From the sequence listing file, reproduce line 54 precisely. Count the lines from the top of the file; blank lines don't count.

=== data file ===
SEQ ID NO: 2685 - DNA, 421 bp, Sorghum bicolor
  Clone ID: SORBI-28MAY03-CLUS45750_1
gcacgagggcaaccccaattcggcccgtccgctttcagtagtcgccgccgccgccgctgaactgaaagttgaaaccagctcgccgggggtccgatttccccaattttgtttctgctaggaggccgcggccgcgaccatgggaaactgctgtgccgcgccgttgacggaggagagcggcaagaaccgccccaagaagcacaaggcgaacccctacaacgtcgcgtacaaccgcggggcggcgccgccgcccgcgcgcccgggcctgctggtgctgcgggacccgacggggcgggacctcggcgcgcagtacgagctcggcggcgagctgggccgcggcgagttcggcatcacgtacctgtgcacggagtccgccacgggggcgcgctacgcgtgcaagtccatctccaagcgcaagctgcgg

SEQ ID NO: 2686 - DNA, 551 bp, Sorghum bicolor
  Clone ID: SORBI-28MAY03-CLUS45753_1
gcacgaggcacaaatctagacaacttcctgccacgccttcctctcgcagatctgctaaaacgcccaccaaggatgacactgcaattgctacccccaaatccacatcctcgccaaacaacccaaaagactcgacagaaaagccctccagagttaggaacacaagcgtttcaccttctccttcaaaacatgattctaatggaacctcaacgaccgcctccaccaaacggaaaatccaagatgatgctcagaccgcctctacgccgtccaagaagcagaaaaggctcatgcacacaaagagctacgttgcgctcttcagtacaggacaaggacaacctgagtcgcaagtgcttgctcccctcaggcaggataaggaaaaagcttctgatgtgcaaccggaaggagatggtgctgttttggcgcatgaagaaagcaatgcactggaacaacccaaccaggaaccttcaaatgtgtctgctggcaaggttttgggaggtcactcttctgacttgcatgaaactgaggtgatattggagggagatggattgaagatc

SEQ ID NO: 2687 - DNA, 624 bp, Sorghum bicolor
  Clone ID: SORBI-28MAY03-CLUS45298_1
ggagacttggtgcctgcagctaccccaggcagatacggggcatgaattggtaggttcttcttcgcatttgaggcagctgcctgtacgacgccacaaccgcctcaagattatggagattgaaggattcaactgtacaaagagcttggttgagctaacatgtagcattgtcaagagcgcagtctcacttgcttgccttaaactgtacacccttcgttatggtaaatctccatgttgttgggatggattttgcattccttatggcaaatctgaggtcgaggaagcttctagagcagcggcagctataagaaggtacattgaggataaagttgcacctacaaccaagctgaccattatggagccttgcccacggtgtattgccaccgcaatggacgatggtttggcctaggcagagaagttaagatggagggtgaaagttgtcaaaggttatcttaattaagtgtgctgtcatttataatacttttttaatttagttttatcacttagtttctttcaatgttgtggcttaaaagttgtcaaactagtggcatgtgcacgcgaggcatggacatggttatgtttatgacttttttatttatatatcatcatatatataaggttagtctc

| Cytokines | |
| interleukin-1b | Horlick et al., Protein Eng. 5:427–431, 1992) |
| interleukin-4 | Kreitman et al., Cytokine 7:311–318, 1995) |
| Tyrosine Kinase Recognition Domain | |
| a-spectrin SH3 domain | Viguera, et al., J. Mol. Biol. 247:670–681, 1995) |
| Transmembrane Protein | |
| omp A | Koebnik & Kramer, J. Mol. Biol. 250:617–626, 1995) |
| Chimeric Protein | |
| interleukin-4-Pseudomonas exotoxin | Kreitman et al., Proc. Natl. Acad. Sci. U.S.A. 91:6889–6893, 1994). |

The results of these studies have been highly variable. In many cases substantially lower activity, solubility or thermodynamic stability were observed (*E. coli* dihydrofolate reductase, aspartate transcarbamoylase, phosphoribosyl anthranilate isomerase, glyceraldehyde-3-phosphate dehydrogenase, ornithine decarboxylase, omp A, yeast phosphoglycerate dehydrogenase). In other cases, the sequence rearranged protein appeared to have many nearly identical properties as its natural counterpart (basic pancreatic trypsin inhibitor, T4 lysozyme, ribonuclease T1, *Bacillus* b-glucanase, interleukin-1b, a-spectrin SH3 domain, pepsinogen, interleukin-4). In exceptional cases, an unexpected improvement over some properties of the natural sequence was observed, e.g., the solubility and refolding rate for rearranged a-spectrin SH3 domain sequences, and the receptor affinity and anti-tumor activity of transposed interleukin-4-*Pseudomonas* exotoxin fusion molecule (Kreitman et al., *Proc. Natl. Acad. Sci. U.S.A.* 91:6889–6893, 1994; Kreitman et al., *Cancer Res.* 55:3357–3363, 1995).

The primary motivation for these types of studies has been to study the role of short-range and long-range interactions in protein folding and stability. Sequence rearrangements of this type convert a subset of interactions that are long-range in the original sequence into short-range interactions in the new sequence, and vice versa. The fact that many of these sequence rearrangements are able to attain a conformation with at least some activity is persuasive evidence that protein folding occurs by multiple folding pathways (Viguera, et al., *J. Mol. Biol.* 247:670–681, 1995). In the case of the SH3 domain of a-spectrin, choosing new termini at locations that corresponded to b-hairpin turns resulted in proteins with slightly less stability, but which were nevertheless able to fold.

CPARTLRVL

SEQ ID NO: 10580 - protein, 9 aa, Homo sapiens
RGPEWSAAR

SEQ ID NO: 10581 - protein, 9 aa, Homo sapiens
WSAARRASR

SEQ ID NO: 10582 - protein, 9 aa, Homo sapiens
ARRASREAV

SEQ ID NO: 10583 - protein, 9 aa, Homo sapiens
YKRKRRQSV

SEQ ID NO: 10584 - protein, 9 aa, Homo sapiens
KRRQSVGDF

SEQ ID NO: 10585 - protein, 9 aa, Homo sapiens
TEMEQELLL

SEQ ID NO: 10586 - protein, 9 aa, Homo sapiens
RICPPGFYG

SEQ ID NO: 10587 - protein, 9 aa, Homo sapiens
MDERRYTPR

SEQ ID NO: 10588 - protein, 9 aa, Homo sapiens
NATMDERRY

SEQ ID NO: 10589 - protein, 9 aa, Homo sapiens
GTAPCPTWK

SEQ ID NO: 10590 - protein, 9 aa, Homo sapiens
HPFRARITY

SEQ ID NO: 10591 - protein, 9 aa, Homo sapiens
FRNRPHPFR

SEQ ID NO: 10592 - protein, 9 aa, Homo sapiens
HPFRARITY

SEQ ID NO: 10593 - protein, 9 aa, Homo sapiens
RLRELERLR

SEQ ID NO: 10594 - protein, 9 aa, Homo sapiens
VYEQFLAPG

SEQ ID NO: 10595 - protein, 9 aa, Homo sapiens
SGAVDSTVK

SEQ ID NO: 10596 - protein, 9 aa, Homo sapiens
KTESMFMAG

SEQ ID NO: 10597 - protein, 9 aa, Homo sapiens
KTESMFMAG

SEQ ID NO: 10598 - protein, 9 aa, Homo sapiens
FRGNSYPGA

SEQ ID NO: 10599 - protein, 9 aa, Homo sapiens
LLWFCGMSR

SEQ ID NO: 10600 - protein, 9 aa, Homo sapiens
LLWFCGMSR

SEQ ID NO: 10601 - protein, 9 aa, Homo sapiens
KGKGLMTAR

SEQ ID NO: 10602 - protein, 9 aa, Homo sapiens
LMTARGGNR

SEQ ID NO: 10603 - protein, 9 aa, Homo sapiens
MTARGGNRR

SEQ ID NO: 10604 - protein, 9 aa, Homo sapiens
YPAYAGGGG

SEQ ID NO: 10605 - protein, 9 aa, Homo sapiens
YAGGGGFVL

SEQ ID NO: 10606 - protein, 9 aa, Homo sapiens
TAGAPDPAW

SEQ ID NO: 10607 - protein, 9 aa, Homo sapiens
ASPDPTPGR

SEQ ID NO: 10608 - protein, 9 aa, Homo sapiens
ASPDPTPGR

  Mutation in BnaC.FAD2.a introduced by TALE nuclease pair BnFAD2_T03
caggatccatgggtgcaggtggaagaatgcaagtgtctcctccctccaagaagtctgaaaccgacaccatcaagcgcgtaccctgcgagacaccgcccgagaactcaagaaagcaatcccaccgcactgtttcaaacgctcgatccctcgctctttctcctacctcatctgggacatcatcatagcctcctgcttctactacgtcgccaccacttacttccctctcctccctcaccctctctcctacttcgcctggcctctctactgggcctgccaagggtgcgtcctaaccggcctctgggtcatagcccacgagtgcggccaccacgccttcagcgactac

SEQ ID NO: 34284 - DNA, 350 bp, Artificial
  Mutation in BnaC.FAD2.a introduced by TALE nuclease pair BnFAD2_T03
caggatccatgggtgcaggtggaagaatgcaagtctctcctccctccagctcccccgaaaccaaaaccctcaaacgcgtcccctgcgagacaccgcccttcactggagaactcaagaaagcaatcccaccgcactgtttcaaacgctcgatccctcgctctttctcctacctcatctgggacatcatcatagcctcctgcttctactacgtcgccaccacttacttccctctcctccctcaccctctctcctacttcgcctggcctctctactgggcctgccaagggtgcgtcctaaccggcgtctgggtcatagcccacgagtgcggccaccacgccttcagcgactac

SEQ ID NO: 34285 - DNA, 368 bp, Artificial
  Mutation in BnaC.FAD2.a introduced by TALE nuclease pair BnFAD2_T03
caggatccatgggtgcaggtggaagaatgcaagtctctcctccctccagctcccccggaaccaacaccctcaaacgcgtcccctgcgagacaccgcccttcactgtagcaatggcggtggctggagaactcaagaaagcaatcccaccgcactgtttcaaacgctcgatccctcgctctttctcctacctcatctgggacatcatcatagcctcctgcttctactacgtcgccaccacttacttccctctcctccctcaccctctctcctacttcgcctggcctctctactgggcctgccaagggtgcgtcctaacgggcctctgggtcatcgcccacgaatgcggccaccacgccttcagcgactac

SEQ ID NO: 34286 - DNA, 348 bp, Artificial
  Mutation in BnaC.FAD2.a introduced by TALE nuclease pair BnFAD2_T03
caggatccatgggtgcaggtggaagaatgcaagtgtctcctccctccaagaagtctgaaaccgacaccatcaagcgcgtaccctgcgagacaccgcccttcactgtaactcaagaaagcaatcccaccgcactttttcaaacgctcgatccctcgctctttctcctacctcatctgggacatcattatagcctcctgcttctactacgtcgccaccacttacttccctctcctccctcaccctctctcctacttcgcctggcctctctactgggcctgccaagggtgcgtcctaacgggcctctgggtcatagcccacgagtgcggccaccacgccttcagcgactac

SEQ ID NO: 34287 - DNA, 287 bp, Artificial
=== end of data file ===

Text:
SEQ ID NO: 10596 - protein, 9 aa, Homo sapiens